Quilatoa: There and Back in a Day

I usually try to avoid travelling with a time limit. Scheduling is not one of my strengths. But, I had five days to see Ecuador.

I headed to the mountains and tried to fit in as many Canon friendly moments as possible. For those who have been to Ecuador, you would know that this isn’t really much of a challenge.

Luckily, my short stop was still enough time to trip out to Quilatoa. A big, blue, crater lake settled high up in the mountains.

The Quilatoa Loop is a pretty well known trek for Ecuadorian travellers. It takes four days and finishes at the lake. With my time crunch, I skipped right to the end and did it in a day.

After spending the night in the nearby town, Latacunga, we got up early, took on the cold, and headed to the bus stop.

The bus was packed! We spend the first hour and a half standing. Eavesdropping on a group of students as they flirted and bickered.

It took us two hours to get to the Quilatoa village. The wind almost took us away as we climbed off the bus. I wrapped my scarf tighter around me, and we walked up to the lakes edge.

The lake was spectacular. It seemed so strange just nestled there in the middle of the mountain.

We tossed up whether to walk the steep, sandy path down to the water, or circle our way around the summit. The wind up the top was strong and freezing cold. We decided to trek down and avoid it.

The walk down was pretty difficult. It was steep, and the sand made it a challenge to stay upright, but the view was an easy distraction. We finally had sunshine and we were totally protected from the wind.

It took about half an hour to get to the bottom. Made much slower by my constant photo taking, and the pauses to give way to donkeys and ponies taxiing people to-and-fro.

After much slipping and stumbling, we arrived at the bottom and found a totally empty spot on the edge of the water. Hot, from the climb down, I pulled off my shoes, rolled up my pants and stepped into crystal clear water.

I was beautiful.  If the water weren’t so cold I would have dived straight in.

We sat, splashed around for a while and explored around the bottom of the lake. Trying our best to delay the dreaded walk back up.

We decided to walk up to the top, despite all the friendly looking horses and donkeys that were lined up ready to take us.

As we struggled up, trying somehow to get a grip on the sandy ground, we watched the locals leading mules, overtake us, in sandals, with ease. We were left behind in a cloud of their dust which, by then, completely covered us.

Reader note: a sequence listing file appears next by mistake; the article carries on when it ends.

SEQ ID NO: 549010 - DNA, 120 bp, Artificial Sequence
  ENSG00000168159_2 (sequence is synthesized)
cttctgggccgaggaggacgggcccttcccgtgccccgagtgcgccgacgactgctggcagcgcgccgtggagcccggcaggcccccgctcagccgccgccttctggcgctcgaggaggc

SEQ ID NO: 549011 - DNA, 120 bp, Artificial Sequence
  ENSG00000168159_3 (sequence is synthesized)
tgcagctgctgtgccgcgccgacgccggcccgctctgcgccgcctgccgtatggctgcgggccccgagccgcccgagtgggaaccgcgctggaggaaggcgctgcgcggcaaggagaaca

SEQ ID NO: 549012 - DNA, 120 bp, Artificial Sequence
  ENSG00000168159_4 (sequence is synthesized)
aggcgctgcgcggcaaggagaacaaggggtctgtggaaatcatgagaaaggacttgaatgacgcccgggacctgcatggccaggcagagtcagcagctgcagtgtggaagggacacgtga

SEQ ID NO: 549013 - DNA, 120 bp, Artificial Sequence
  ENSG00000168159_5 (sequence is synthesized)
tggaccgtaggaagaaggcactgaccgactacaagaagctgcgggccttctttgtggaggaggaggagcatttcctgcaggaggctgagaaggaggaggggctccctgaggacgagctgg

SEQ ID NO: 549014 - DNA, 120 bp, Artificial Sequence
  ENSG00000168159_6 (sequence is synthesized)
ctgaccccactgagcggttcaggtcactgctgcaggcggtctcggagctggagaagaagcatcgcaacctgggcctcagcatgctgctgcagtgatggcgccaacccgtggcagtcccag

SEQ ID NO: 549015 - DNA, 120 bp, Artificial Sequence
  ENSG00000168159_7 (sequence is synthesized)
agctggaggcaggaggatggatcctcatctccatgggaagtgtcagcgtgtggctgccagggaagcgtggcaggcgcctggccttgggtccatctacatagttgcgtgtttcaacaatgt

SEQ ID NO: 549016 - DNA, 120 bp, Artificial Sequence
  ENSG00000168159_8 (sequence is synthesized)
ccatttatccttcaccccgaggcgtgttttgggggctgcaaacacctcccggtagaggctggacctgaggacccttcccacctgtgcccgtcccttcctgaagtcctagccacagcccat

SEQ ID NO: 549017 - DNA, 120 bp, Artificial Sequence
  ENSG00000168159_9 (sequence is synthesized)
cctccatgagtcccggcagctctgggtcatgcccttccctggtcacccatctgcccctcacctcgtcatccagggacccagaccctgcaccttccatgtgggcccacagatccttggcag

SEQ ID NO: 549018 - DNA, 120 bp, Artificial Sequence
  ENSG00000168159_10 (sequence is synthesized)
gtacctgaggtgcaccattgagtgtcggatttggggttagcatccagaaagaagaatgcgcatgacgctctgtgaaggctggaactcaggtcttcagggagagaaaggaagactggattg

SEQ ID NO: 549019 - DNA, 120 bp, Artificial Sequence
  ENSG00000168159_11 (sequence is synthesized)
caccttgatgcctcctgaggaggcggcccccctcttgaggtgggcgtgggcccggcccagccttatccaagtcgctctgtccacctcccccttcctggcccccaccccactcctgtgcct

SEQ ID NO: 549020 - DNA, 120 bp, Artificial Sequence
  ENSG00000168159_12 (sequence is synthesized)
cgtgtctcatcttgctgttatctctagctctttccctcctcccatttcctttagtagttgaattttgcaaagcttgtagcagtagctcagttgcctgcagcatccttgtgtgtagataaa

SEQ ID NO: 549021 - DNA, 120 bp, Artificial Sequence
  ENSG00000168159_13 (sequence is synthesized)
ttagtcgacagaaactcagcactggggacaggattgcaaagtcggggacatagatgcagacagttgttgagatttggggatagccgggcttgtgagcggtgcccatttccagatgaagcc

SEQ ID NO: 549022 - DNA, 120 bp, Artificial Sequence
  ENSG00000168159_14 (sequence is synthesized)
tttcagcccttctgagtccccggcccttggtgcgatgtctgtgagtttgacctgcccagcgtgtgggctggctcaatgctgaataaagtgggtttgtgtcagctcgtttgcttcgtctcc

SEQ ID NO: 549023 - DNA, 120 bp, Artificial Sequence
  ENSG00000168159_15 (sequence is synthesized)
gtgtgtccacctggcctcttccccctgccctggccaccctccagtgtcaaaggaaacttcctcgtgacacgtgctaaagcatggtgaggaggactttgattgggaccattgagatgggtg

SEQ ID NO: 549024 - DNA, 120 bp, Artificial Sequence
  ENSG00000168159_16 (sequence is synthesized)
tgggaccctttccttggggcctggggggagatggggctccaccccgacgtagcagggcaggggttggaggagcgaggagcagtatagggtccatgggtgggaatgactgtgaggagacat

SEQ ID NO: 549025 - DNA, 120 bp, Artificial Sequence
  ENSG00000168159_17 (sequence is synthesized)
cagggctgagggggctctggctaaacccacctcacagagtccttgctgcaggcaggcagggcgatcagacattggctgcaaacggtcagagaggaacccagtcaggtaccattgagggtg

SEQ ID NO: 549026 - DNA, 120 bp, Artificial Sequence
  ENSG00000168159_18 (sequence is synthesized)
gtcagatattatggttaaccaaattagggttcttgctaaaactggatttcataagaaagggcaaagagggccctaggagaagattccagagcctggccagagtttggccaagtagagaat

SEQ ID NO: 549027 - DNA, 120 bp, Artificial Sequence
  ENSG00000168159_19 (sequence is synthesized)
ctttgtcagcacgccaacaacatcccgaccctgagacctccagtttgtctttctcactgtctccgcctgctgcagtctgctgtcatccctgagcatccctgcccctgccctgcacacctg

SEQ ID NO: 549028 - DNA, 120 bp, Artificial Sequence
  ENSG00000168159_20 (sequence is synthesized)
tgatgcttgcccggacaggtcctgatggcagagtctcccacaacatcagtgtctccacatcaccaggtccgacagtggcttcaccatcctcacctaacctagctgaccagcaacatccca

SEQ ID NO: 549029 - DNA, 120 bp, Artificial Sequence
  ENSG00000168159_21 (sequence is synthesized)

Just under an hour of scrambling finally got us to the top. Our water bottles were drained, we were out of breath, filthy and starving. With a last glance behind us, we said goodbye to the big, beautiful lake and crowded into one of the local restaurants for lunch.

Ecuador amazed me. Funny, little, cement towns nestled in such grand and dramatic scenery. It’s a country that surrounds you in natural wonders and leaves you awestruck.

Quilatoa, was packed with colour, wonder and every type of weather. I could have stayed and stared for a lifetime but, for now, just one day will have to do!

Jardín: So Worth the Adventure

I had heard the legends about Jardín. A beautiful, colourful, cowboy town hidden amongst the banana plantations in the middle of the Colombian Andes. I knew I had to go there.

So, when I found myself with a bit of spare time in Manizales, I made a last minute decision to jump on bus and duck up to Jardín.

If only it had been that easy!

Most people head to Jardín as a side trip from Medellín, but being that I was in Manizales, seemingly nearby on the map, I figured we could find some quick way to get there.

Everything I could find online talked about the need to take a van to a little town called Riosucio, and then a chiva or second mini bus across the mountains from there. It sounded like a bit of an adventure, but no one had really suggested it was too challenging.

The internet travellers spoke of three daily buses leaving Riosucio, one at 8am, one at 2:20pm and one at 3pm. We wanted to spend the day exploring, so, we decided to get up early and aim to be in Riosucio to make the 8am bus.